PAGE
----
Awad Magbri*, Shauket Rashid and Brar Balhinder
Dialysis Access Center of Pittsburgh, PA, USA
Received Date: January 04, 2018; Accepted Date: January 09, 2018; Published Date: January 13, 2018
Citation: Magbri A , Rashid S, Balhinder B (2018) Reversal of the N orm: Pressure Discrepancies on the Two Sides of the Septum in Chronic Kidney Disease Patients with Cong estive Heart Failure. Acta Psychopathol 4:2. doi: 10.4172/2469-6676.100158
Hemofiltration; Hemodialysis; Congestive heart failure; Ultra-filtration; Fluid overload; Intre-atrial septostomy
Normally the right side of the heart is low pressure chambers that accommodate large volume of blood. On the other hand, the left side of the heart is high pressure chambers that forces blood into the major vessels to distribute it to the vital organs and the rest of the body.
Our patient is 67-year-old Caucasian male with end-stage renal disease on hemodialysis (HD) via a tunneled dialysis catheter in the right internal jugular vein for the last 8 months. He has multiple chronic comorbidities including morbid obesity with body mass index of 56.21 kg/m2. Chronic lymphedema of the lower extremities, paroxysmal atrial fibrillation, obstructive sleep apnea with pulmonary hypertension on bi-level positive pressure ventilation (BIPAP). He has chronic congestive heart failure and he is on HD 3-times per week. He has no diabetes but suffered from fluid overload and inability of getting fluid off on HD sessions. He also has pressure sores from immobility. His blood pressure is chronically low 81-90/67-74 mmHg before dialysis.
This scenario is quite familiar to the nephrologists who care for dialysis patients. The treatment of such patients is difficult, and the mortality is high. Chronic kidney disease (CKD) is very common in congestive heart failure patients. As a matter of fact, patients with CKD die from cardiovascular disease long before they reach dialysis. Many workers have found that both systolic and diastolic blood pressure were inversely associated with mortality [1-7]. This phenomenon of low blood pressure with increased mortality is called “reverse epidemiology” [3,8]. It is not clear that any intervention will prove to be effective to curb the high mortality and morbidity of hemodialysis patients with congestive heart failure and low blood pressure.
The pathophysiology of CKD in cardiac disease is complex and involves both congestive and ischemic nephropathy and both. These patients usually have evidence of congestion with precapillary wedge pressure (PCWP) that reflects the end-diastolic pressure of the left side of the heart of <18 mmHg. At the same time, they have low cardiac index of <2.1 L/m2 with evidence of low cardiac output and cold extremities.
The presence of both ischemic and congestive symptoms in the same patient proved to be a difficult task to manage by HD. It should be noted that chronic hypotension decreases the preload and will eventually leads to vasoconstriction and ischemia to the kidney [9-11]. Constriction of the glomerular efferent arterioles due to angiotensin-II blockade from the drugs used for the treatment of heart failure as well as activation of the tubule-glomerular feedback and tubular dysfunction with sustained decrease in intra-glomerular pressure leads to ischemic nephropathy .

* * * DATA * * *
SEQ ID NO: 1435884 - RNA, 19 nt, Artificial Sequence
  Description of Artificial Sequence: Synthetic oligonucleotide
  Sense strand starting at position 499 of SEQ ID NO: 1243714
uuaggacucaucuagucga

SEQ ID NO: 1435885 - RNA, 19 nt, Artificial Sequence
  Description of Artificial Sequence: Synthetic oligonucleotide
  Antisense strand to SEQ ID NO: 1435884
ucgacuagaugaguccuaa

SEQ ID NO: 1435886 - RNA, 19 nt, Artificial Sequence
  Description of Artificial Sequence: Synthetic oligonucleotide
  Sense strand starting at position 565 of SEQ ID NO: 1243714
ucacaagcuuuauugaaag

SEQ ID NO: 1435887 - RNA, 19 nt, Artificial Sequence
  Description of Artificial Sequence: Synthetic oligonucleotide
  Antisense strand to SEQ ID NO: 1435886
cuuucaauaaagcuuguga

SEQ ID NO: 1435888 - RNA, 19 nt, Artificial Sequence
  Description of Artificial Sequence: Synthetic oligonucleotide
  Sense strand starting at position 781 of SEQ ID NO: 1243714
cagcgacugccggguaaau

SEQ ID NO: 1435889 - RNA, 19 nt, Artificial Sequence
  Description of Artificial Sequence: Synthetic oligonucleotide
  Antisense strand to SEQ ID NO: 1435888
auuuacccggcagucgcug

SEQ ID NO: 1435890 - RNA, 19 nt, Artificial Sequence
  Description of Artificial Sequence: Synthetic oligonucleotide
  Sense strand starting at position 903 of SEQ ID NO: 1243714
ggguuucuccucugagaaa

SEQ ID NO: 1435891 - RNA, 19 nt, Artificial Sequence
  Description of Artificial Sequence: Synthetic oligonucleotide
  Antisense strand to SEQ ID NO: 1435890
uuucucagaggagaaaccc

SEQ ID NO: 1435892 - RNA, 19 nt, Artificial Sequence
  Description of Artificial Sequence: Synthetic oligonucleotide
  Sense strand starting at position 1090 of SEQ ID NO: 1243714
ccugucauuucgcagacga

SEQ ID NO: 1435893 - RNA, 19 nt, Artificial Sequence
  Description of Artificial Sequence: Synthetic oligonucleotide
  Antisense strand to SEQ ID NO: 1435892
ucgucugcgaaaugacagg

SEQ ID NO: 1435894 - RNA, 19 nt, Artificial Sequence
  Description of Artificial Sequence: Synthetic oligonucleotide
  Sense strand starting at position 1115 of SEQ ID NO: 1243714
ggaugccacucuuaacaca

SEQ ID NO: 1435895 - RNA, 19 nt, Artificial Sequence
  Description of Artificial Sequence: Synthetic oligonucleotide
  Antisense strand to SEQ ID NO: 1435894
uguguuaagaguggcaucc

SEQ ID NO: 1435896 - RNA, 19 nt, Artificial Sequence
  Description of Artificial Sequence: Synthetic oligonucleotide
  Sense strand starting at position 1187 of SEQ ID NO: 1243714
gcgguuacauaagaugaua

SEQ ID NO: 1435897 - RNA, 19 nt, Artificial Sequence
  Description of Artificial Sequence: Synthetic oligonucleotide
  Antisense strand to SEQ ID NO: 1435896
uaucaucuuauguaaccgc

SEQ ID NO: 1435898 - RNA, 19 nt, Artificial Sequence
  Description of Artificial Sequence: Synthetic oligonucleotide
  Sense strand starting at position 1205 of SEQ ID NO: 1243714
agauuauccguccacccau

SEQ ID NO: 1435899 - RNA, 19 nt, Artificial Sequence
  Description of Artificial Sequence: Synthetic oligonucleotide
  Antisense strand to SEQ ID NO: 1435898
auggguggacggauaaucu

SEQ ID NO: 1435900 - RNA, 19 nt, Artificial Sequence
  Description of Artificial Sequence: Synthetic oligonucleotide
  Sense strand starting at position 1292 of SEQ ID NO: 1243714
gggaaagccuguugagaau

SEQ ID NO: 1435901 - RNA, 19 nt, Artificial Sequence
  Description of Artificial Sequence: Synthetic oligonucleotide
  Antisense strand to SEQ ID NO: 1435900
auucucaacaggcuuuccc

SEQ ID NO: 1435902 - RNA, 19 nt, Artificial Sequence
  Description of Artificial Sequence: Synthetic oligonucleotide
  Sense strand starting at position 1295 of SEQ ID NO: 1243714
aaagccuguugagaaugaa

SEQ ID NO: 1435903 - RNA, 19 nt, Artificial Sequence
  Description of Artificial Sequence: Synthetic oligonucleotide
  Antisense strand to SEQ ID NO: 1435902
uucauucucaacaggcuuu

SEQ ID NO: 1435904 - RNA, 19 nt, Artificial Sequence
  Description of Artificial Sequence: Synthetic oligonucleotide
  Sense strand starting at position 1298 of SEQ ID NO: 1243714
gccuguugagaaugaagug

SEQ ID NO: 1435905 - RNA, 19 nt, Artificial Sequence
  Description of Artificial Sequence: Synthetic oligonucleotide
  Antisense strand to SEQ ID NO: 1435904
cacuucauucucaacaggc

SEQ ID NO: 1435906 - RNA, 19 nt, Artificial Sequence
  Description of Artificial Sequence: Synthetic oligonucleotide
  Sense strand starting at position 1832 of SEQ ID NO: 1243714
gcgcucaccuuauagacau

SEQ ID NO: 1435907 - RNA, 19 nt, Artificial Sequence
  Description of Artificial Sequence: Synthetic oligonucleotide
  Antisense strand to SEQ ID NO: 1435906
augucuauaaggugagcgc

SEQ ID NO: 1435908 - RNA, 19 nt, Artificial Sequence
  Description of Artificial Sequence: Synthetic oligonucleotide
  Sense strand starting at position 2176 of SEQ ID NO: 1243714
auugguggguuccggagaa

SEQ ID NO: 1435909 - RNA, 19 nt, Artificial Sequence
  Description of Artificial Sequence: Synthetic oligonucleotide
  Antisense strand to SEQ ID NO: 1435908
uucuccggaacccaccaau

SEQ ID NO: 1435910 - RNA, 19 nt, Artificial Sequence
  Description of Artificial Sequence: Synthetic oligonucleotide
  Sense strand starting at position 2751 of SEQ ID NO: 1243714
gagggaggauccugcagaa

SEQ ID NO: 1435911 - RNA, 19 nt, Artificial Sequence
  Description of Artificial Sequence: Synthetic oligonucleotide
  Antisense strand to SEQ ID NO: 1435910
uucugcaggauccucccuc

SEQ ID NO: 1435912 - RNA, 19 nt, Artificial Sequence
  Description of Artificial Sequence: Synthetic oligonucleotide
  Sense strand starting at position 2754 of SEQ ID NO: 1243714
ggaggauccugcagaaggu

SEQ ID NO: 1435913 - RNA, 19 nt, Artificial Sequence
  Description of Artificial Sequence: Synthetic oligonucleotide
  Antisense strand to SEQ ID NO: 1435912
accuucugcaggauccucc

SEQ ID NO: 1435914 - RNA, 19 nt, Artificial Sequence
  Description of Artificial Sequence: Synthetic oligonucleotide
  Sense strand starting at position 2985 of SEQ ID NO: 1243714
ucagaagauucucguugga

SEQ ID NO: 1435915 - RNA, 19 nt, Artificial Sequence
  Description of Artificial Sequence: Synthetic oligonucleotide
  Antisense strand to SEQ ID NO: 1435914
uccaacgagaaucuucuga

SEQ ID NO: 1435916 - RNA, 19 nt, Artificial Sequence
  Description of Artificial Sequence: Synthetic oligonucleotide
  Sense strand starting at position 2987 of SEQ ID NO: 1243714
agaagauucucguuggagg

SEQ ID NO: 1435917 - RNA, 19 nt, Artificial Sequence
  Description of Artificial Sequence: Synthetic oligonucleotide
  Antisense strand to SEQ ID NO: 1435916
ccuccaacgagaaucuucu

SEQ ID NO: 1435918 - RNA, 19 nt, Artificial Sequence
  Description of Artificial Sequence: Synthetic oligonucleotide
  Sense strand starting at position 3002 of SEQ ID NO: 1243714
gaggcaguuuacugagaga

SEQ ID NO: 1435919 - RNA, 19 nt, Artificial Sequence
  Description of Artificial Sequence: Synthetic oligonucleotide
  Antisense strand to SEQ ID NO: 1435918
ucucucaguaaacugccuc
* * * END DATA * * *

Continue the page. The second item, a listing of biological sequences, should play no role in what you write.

It is not unusual to find both signs of ischemic nephropathy from chronic hypotension and congestive organomegaly with peripheral edema in the same subject, as is seen in the patient under discussion. These patients often have fluid overload and low blood pressure which makes fluid removal on dialysis extremely problematic if not almost impossible. Different maneuvers have been used to overcome these hurdles including sodium modelling, use of midodrine, decreasing ultra-filtration at the end of dialysis, putting the patients in Trendelenburg position, and lowing the temperature of the dialysate. None of these maneuvers have proven effective in end-stage renal failure patients on dialysis with concomitant congestive heart failure.
Daily slow ultra-filtration was suggested by some workers  to overcome this problem but are not favored by most patients, because tying up to hemodialysis machine for 6 or 8 hours daily is grueling undertaking for many patients. Even though, ultrafiltration and hemofiltration are fairly well tolerated hemodynamically [14,15]. Gradual and gentle removal of fluid excess is associated with symptomatic improvement and appears to improve cardiac performance. Hence improving tissue perfusion in situations of low cardiac output and fluid overload [16-19]. However, ultrafiltration has been tried on short-term basis in hospitals for patients with fluid overload and refractory congestive heart failure. It has not been translated into practical procedure in chronic hemodialysis situation because of the complexity and logistics that come with the procedure.
One wonders what we would found if we measured the pressure in the left and right ventricles in these patients. Reversal of pressure on the two sides of the interventricular septum would surprise many of us. If my intuitions of pressure reversal are proved to be true, one wonder if intre-atrial septostomy would help reverse this phenomenon and makes HD in these patients more suitable. Inter-atrial septostomy not only would increase the preload of the left side of the heart and thereby improve the blood pressure making removal of fluid easy to manage, but also relieve the congestion on the right side of the heart and the back pressure exerted on the vital organs, like the liver and the kidneys. Thereby overturning pressure difference on the two sides of the heart back to normal. Time only will tell if such procedure is going to be justified to be carried out in these patients with high mortality.